onsdag 20 maj 2009

Scientist vs. scientist: the good guys try to root out the doper’s bad guys

The European Union’s Anti-Doping Conference in Athens brought together the major players in the realm of the fight against drug cheating in sports, including academics, politicians, scientists and the key stakeholders, including representatives of sports governmental authorities. It was the idea of a Greek Member of the European Parliament, Manolis Mavrommatis. Others at the two-day event in Athens included national anti-doping organisations of EU countries, accredited laboratories, athlete trade unions, and the World Anti-Doping Agency (WADA) as well as the World Association of Anti-Doping Scientists (WAADS,) which is based in Germany.
The conference was part of the European Commission’s plan to fight doping in sports and followed implementation of the so-called Pierre de Coubertin (founder of the modern Olympic games) Action Plan which is contained in the 2007 White Paper on Sport prepared by Mavrommatis. There were three key workshops where ideas were exchanged, sometimes with a sharp degree of debate, as WADA wants unannounced tests of athletes, which many EU countries are fighting because they said it violates the athlete’s right to privacy, putting anti-doping agencies at odds with governments trying to protect their athletes.
The workshop included one on data protection, which pitted those forces against each other, cooperation between anti-doping groups and pharmaceutical companies, and a laboratory workshop. Foremost in the fight are the scientists of WAADS who find themselves trying to stay one step ahead of drug cheats and athletes who use rogue scientists to devise undetectable drugs. WAADS President Costas Georgakopoulos stopped to talk to NEtv’s Andy Dabilis about his group’s role in the fight.
Greece is especially attuned to the problem of doping in Athletics, having seen even gold medalistsbeing stripped. Do you feel the fight is being won or lost, because people become more sophisticated in the desire to cheat?
This is true, because technology is improving and that means classical doping agents are more easily detected now. And this makes, creates the need for cheaters to move for the more sophisticated drugs like new drugs, illegal drugs that are synthesised in an illegal laboratories and from the laboratory bench directly go to the athlete’s body. And this creates new needs to the laboratory in order to have more wide detection methods that mean not to detect only the known substances but at least have some information that in the samples are included substances that are not detected.
You mentioned synthetic; is the problem that because people able to devise artificial drugs? Is it more difficult than finding naturally-occuring substances?
Both are important problems because a substance effected in the body, can be changed in lot of sides in the molecule in order to become either more effective or just to become different from an equally effective molecule that’s known and the target of this change, the last change is only that the substance becomes undetected because it becomes unknown to the laboratory. So it’s kind of a cat-mouse game. You detect, they find a new drug, you detect, they find a new drug… Unfortunately, we are in this circle now. And the other point that you raised is also that important that the athletes know that when they are taking exogenously endogenous substances than the laboratories sometimes are in front of difficulty to detect if this high level of endogenous substances coming from exogenous application or they’re naturally endogenous for this particular athlete. That’s why, WAADS and important media-sensitive international federations like the Cycling Federation have, are now in the procedure of introducing the … passport, which is a new tool and new, let’s say technology.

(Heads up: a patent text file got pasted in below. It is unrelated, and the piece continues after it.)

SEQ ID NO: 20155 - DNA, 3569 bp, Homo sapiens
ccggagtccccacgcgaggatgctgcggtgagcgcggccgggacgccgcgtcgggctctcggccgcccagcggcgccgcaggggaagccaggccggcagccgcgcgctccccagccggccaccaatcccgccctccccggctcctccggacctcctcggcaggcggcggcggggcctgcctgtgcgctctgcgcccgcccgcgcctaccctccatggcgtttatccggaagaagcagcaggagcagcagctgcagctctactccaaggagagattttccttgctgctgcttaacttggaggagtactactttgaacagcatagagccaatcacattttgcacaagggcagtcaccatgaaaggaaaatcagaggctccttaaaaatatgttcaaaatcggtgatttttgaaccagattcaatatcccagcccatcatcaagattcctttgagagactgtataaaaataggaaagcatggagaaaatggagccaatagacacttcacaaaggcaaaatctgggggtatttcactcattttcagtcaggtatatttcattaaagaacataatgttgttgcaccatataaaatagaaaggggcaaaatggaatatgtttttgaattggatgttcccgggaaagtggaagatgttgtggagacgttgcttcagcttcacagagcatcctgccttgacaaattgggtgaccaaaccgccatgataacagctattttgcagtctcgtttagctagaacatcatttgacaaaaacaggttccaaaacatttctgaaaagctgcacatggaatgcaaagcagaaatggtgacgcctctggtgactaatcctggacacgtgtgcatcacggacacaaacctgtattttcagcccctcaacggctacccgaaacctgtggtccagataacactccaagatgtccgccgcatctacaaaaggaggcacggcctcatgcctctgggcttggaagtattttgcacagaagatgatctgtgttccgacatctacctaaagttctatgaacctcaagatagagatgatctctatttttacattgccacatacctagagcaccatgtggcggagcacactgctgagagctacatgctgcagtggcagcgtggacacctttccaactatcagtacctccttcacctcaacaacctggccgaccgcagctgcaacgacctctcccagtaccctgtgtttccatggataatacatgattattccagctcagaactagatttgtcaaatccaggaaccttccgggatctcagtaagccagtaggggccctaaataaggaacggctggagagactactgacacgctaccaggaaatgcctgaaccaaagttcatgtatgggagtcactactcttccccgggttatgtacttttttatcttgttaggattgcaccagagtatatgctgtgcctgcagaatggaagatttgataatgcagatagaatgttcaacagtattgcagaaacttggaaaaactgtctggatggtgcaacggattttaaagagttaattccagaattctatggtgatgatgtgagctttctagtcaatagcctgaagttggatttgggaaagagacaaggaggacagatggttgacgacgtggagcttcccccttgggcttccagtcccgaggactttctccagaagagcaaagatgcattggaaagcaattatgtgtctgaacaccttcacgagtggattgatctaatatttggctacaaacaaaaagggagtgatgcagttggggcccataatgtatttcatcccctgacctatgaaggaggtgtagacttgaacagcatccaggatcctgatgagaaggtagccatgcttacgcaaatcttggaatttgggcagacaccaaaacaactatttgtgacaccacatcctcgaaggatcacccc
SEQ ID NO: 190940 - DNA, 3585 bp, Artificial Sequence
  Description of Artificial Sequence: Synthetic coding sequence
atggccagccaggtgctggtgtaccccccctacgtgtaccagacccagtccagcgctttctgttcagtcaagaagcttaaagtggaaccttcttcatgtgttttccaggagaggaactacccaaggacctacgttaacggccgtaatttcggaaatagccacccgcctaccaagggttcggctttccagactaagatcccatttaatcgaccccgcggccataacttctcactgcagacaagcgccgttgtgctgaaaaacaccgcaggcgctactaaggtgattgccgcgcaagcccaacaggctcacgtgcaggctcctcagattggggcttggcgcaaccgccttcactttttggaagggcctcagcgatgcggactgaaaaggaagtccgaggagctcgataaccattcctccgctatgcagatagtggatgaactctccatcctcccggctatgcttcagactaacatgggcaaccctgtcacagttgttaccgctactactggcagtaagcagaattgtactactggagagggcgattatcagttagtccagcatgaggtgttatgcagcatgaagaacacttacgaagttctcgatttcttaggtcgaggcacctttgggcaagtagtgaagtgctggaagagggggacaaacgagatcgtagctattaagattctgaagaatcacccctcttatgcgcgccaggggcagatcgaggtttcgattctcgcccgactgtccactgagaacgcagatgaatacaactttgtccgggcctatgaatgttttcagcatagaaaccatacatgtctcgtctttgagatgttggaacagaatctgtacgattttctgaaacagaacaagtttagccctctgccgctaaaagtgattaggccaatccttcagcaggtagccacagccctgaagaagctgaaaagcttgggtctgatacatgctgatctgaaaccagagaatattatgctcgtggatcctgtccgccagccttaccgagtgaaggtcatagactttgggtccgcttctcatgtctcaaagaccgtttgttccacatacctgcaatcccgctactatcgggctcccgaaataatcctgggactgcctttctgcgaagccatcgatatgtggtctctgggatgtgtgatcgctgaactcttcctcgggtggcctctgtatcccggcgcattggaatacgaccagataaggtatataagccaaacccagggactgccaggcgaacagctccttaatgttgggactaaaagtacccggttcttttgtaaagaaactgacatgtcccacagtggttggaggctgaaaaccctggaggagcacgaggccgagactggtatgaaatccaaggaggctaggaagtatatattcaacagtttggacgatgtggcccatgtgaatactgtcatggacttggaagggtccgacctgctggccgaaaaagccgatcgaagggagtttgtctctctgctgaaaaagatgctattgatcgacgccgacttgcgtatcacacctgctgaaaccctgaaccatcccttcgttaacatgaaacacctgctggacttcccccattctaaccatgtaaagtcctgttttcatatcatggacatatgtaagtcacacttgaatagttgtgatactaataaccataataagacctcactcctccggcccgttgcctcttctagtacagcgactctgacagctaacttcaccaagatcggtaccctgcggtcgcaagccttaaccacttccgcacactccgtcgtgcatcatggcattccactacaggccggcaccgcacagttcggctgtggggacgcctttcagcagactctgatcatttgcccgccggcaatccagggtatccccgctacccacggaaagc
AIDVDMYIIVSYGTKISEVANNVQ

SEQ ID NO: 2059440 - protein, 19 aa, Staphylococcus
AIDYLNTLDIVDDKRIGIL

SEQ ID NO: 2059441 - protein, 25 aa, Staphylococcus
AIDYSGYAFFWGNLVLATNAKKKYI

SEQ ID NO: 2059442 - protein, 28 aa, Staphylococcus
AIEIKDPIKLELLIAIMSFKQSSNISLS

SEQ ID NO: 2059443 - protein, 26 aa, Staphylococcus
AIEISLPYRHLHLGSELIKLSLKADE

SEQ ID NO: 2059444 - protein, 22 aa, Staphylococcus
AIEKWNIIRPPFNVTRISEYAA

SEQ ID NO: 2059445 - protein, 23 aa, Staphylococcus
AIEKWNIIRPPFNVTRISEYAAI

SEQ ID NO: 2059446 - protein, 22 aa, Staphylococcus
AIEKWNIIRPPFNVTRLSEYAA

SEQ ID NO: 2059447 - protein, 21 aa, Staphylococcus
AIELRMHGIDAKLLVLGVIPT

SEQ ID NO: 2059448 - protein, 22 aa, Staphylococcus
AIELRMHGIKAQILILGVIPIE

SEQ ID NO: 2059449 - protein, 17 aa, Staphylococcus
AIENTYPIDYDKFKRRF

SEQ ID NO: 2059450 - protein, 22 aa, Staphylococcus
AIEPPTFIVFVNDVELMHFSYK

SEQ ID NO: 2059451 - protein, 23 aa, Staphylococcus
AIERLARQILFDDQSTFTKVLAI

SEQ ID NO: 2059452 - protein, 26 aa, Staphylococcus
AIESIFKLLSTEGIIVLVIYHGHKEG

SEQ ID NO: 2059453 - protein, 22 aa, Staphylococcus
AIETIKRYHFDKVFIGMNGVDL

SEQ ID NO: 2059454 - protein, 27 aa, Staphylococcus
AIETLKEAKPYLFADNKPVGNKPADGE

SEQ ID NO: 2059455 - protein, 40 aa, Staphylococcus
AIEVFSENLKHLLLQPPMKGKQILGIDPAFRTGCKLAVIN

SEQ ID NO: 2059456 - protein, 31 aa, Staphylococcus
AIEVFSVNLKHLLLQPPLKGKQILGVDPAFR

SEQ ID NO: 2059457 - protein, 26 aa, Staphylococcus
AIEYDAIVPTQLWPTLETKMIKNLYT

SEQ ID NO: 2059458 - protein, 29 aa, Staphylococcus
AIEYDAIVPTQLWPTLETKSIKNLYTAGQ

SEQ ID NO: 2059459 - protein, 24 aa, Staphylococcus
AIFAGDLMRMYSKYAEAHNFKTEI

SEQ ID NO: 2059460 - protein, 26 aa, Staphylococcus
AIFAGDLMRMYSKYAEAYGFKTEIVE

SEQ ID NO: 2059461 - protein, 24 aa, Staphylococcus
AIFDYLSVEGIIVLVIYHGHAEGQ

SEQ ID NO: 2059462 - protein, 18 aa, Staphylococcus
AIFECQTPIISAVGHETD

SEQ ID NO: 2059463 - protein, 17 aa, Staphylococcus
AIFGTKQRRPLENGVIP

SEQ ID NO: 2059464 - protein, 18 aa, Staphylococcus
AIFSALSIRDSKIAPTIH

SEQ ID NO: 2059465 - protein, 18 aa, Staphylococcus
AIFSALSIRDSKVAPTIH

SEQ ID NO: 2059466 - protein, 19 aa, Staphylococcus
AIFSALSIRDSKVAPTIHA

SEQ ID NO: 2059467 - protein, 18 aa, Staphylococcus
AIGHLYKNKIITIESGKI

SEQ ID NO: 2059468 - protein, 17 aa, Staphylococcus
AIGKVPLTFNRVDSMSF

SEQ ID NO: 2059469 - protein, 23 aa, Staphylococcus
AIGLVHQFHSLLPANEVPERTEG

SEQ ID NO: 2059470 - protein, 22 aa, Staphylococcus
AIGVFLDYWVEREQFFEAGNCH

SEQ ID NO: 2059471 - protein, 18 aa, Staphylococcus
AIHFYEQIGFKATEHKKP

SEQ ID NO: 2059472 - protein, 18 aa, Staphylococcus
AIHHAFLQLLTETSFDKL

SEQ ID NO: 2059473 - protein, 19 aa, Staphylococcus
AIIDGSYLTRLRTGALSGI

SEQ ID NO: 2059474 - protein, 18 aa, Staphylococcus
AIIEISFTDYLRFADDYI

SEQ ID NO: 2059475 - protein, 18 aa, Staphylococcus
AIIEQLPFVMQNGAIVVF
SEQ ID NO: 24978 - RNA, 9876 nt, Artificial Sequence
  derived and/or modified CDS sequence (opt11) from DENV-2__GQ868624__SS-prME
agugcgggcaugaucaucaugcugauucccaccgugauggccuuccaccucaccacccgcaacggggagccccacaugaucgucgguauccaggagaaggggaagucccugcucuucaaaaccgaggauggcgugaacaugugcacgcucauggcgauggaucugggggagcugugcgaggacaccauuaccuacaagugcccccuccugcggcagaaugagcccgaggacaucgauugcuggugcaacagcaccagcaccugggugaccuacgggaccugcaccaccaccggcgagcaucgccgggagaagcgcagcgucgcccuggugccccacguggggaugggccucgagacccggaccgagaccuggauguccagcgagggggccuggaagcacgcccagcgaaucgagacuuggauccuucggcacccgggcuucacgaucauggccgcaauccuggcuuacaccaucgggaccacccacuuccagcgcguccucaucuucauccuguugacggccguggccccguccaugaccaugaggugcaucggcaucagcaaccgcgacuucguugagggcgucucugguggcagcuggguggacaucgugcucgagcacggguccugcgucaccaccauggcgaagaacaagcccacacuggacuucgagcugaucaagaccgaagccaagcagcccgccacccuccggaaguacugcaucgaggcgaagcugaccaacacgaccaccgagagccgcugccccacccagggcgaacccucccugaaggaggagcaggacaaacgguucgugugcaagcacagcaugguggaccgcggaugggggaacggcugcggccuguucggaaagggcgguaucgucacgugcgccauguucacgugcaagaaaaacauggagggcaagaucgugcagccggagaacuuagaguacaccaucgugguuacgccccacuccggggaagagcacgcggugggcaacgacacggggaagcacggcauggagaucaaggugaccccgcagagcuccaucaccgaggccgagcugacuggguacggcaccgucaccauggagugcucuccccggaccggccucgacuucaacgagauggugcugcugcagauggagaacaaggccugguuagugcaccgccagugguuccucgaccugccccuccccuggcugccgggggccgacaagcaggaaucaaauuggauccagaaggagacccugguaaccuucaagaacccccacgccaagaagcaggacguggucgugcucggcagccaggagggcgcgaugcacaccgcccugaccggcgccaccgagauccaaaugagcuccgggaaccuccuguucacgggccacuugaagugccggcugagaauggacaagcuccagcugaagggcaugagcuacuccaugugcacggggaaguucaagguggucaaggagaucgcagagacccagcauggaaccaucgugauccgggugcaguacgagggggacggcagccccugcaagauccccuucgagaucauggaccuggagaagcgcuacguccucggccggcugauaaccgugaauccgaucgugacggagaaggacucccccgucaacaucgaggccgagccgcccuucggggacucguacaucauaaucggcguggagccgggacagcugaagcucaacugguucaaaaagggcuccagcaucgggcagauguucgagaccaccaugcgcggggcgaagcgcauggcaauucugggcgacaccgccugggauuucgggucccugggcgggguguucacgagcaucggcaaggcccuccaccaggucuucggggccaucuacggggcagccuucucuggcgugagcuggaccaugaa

Other undetectable drugs, is it just a matter of time until you find them?
Yes, should be, should exist undetectable drugs…
There are undetectable drugs?
Yes, should exist, of course… undetectable, you mean when the test is performed?
No, are the drugs undetectable, so that there are indeed the athletes who will be using drugs, who will never be caught and will have tainted medals, or tainted achievements?
You know that, undetectable practice that is like the … blood transfusion, blood transfusion that is based on the blood of the athletes itself. So, this unfortunately, this method cannot be directly be detected, but indirectly through the athlete’s passport can be detected. So, this is one point that in future the anti-doping system should invest time and effort and funds and the infrastructure in order to create individual profiles; starting to detect steroids abuse, starting to detect blood parameters that are connected with undetected blood doping, like … blood transfusion or in the future probably to detect gin doping, which is not reality now, but it’s something that is coming in the next 10 or 15 years.

Interview with: Costas Georgakopoulos, President World Association of Anti-Doping Scientists 18 May 2009 - Issue : 834
Picture:The World Association of Anti-Doping Scientists President Costas Georgakopoulos (L) stopped to talk to NEtv at the first EU Conference on Anti-Doping, in Athens, May 13

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